WHAT ARE YOU DOING THESE DAYS?
The week before last, I asked readers to let me know how they were handling the pandemic and about their experience with earlier epidemics. Tampa native Lula Dovi was the first to respond. At age 97, she is more than competent with a computer, and she told me about an outbreak of dysentery at Florida State College for Women, which later became FSU. Except for places where public sanitation is poor, no one dies of dysentery anymore, but it used to be a major cause of death, especially for infants and youth. As with many things in her long and eventful life, Lu wrote of this cheerfully:
"Quarantine: I remember in my senior year, 1944, at Florida State College for Women in Tallahassee, we could not leave campus or allow visitors on campus due to an outbreak of amoebic dysentery. No visitors were allowed from any of the nearby [World War II] air bases or anywhere else due to the highly contagious nature of the disease. We students trapped on campus got rather silly before long. We would stand out on the open arcades and throw wads of paper down on the pedestrians below. Sometimes it was also a water balloon. My cousin, Lillian Joughlin, who was my roommate, was trapped in Tampa because she was interning here as a teacher."
Mickey Castor wrote about the current situation at University Village, an assisted living facility near USF. "We're in total lockdown here, which is prudent. Our meals are delivered to our apartments, all indoor activities are cancelled, and no outside visitors, including family. We observe the 6-ft distancing rule and take our temps every day. We can enjoy outdoor activities, still at 6-ft distancing, and the lovely weather has drawn all of us who are mobile outside… Terrell is self-isolating except for coming down to my apartment for dinner and as much news as we can stand!" That would be former Speaker of the Florida House Terrell Sessums. I wish we still had smart and compassionate people like him in charge of state government. This wouldn't be as bad as it is but for the science-deniers.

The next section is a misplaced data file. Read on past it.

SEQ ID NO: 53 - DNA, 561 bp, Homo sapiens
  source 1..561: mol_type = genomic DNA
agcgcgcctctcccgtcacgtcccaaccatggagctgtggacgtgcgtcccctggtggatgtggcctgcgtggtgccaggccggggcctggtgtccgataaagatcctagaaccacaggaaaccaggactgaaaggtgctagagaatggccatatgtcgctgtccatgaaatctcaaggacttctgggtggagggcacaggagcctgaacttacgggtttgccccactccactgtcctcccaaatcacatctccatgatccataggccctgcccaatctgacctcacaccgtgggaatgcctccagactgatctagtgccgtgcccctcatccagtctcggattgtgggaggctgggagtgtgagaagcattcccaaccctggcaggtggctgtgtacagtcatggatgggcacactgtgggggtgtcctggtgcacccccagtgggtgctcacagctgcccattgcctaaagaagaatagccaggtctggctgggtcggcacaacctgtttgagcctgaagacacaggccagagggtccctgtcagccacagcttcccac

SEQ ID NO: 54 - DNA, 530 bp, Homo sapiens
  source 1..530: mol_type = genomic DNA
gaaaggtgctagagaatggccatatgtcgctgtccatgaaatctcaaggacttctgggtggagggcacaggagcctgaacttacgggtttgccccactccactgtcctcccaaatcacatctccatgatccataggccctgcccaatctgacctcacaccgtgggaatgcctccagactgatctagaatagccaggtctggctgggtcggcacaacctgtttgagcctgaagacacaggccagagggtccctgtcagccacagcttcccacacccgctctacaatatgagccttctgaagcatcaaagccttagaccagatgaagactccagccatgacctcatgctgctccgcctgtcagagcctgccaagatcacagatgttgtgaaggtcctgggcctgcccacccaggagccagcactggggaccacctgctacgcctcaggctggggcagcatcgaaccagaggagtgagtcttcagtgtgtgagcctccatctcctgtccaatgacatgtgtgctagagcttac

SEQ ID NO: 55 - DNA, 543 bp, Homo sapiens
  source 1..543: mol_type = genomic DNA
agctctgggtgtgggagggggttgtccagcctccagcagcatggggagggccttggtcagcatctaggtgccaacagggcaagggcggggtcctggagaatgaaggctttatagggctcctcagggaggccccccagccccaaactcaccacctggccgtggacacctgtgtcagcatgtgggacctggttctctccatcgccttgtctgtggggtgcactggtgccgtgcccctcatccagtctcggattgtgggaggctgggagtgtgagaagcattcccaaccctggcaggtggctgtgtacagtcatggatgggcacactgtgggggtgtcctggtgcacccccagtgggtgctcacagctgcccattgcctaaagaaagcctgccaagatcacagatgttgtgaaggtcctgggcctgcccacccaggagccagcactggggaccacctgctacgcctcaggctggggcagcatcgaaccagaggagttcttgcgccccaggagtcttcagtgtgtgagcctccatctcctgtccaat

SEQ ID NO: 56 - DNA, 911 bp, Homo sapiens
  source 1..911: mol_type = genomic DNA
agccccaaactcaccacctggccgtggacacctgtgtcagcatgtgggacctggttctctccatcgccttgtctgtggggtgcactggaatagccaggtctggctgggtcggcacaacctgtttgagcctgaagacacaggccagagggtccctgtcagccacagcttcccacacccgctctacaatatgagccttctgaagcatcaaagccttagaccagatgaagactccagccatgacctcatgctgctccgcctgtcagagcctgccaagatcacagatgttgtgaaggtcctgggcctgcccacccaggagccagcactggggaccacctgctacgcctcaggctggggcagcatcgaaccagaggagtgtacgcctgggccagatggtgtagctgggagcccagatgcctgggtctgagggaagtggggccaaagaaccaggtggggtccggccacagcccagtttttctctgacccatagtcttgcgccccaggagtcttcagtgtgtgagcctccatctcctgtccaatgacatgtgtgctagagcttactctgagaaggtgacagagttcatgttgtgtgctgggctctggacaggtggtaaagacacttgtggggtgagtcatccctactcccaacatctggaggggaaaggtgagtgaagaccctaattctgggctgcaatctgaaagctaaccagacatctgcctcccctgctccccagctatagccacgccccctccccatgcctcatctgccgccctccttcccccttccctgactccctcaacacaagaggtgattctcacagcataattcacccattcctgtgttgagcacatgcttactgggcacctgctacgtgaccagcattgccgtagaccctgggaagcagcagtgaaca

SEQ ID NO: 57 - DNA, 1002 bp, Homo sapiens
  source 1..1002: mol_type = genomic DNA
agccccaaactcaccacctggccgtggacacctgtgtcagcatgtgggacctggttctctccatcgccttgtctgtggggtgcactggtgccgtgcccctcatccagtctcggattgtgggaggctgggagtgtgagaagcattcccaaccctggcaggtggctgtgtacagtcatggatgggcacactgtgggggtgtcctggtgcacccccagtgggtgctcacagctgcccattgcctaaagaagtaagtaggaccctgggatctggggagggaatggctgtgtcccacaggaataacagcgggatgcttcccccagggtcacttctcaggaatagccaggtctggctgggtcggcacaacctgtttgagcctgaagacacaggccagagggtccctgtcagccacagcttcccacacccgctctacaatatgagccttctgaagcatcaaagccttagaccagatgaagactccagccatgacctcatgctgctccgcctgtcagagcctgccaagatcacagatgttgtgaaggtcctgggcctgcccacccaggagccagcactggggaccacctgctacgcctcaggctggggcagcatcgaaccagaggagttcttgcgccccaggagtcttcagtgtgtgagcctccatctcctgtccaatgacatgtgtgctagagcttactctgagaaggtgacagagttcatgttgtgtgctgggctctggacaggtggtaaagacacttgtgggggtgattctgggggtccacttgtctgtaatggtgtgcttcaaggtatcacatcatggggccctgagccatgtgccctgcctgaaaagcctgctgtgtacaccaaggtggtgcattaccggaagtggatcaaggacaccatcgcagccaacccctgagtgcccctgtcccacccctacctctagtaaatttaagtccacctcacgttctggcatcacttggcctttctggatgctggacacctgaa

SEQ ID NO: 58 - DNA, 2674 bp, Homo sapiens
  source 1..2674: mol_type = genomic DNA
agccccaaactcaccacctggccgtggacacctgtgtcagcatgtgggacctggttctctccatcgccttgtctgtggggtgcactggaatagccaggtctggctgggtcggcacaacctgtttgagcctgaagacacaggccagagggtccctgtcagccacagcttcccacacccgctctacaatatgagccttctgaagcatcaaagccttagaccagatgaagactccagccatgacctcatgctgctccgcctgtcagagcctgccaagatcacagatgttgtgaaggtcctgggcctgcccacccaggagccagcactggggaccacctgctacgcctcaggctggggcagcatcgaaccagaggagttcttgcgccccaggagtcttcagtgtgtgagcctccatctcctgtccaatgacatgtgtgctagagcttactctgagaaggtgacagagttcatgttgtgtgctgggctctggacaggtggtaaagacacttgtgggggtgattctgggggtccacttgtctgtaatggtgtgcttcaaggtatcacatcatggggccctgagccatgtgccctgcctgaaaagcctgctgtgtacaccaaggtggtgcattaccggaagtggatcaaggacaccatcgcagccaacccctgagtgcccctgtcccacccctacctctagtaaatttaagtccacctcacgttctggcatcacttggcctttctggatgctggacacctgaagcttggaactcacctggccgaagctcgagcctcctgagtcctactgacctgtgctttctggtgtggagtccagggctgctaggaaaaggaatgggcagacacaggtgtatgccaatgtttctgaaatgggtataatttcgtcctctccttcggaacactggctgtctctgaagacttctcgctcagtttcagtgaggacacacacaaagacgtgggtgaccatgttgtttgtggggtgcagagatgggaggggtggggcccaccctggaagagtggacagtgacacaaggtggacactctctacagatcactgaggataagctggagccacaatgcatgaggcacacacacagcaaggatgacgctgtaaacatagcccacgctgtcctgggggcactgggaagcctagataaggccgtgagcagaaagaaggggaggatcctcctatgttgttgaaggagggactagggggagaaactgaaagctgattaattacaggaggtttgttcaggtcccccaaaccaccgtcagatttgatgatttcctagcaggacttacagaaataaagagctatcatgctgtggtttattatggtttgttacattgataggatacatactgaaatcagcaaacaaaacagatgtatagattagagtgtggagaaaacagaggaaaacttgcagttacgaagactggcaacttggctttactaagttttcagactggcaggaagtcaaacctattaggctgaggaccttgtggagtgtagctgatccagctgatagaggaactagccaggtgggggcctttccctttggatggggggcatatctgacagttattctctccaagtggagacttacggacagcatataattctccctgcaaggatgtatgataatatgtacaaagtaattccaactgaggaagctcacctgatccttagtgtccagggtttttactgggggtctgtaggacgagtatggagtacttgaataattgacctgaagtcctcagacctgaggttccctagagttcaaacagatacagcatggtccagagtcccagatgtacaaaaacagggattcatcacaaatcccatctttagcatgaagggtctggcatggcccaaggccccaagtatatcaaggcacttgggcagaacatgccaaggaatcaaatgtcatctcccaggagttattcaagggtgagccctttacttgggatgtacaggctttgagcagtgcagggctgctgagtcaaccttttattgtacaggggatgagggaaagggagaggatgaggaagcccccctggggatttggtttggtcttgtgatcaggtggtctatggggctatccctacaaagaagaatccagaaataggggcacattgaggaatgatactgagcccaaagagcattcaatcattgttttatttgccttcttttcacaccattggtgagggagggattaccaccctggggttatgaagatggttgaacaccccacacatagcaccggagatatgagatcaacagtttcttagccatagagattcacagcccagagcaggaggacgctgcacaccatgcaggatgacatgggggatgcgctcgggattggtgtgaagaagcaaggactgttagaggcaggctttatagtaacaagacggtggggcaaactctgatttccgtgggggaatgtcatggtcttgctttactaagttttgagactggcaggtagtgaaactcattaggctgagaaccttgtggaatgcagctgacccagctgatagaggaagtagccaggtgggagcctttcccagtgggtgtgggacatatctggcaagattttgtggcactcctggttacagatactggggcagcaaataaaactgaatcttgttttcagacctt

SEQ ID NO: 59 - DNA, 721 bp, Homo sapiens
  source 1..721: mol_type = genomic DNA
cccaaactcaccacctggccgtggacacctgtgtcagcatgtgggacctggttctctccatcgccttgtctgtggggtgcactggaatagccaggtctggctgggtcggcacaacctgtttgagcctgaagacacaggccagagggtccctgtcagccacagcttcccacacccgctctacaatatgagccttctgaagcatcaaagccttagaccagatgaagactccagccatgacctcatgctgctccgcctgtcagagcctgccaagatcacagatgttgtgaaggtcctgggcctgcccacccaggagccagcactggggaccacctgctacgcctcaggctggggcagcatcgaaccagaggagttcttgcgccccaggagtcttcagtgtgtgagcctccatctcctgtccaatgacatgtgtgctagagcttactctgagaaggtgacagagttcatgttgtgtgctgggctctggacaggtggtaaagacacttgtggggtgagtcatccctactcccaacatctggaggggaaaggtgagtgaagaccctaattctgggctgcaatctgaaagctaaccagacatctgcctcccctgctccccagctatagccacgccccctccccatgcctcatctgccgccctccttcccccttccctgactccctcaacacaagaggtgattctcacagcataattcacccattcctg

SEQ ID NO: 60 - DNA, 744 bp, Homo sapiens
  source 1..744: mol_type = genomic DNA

David Edmonds, whose Ybor time-travel novel I reviewed recently, sent a longer message: "If you're struggling for a subject to write about, may I suggest the following – Why do so many females support our Idiot-in-Chief? He seems sooo lacking in things I thought women cared about, like decency, respect, loyalty, competence. How can females like a man who belittles women, cheats on his wife, is married to a trophy model, and says the way you get the girl is to grab her by the… well, you know. Even my super religious sisters (who watch Fox News) love him.
"I suspect part of the answer is the influence of their boyfriends or husbands. Another is that the GOP is better at lies and propaganda than Dems. Also, we liberals sometimes espouse ideas out of the mainstream that Trump can trash. Would love to hear your thoughts." Thank you, David, and I'll come back to this closer to the election. Right now, though, Hubby's condition is worse, I have to write about things that are less upsetting. But I'm joining you in inviting thoughts from others, especially women, about this important political absurdity.
I also heard from Margo Hammond, former book editor for the Times. She now runs a blog, "Creative Late Bloomers," and she devoted most of the last one to the 1918 flu epidemic. Her Scandinavian grandmother nursed a neighboring family through the illness, and they did the same for her. She still has a commemorative plate that was given in gratitude, bearing words in Danish that translate to "God Be with Us All." An interesting thing I learned: this Danish woman believed that spicy soup would kill germs. Margo said that her brother said that Mrs. Jensen's soup would kill anything, but I think it's a thought. I may add more hot spices to my diet. This another thing the furloughed data miners could work on.
I'll wrap this up with messages from my Minnesota nieces. One lives up near the Canadian border, and a lot of her elementary school students are Ojibway. She is worried about them, not only because their homes generally are not accessible to online learning, but also because we all know that the times are ripe for alcoholism and domestic violence. The other niece lives in Minneapolis, and her husband also is a teacher – of drama, music, and media. He is doing "Songs at Seven," playing his banjo and singing from their porch. About thirty people are joining in from their four-street intersection. If a magic carpet were available, I'd love to go and sing along.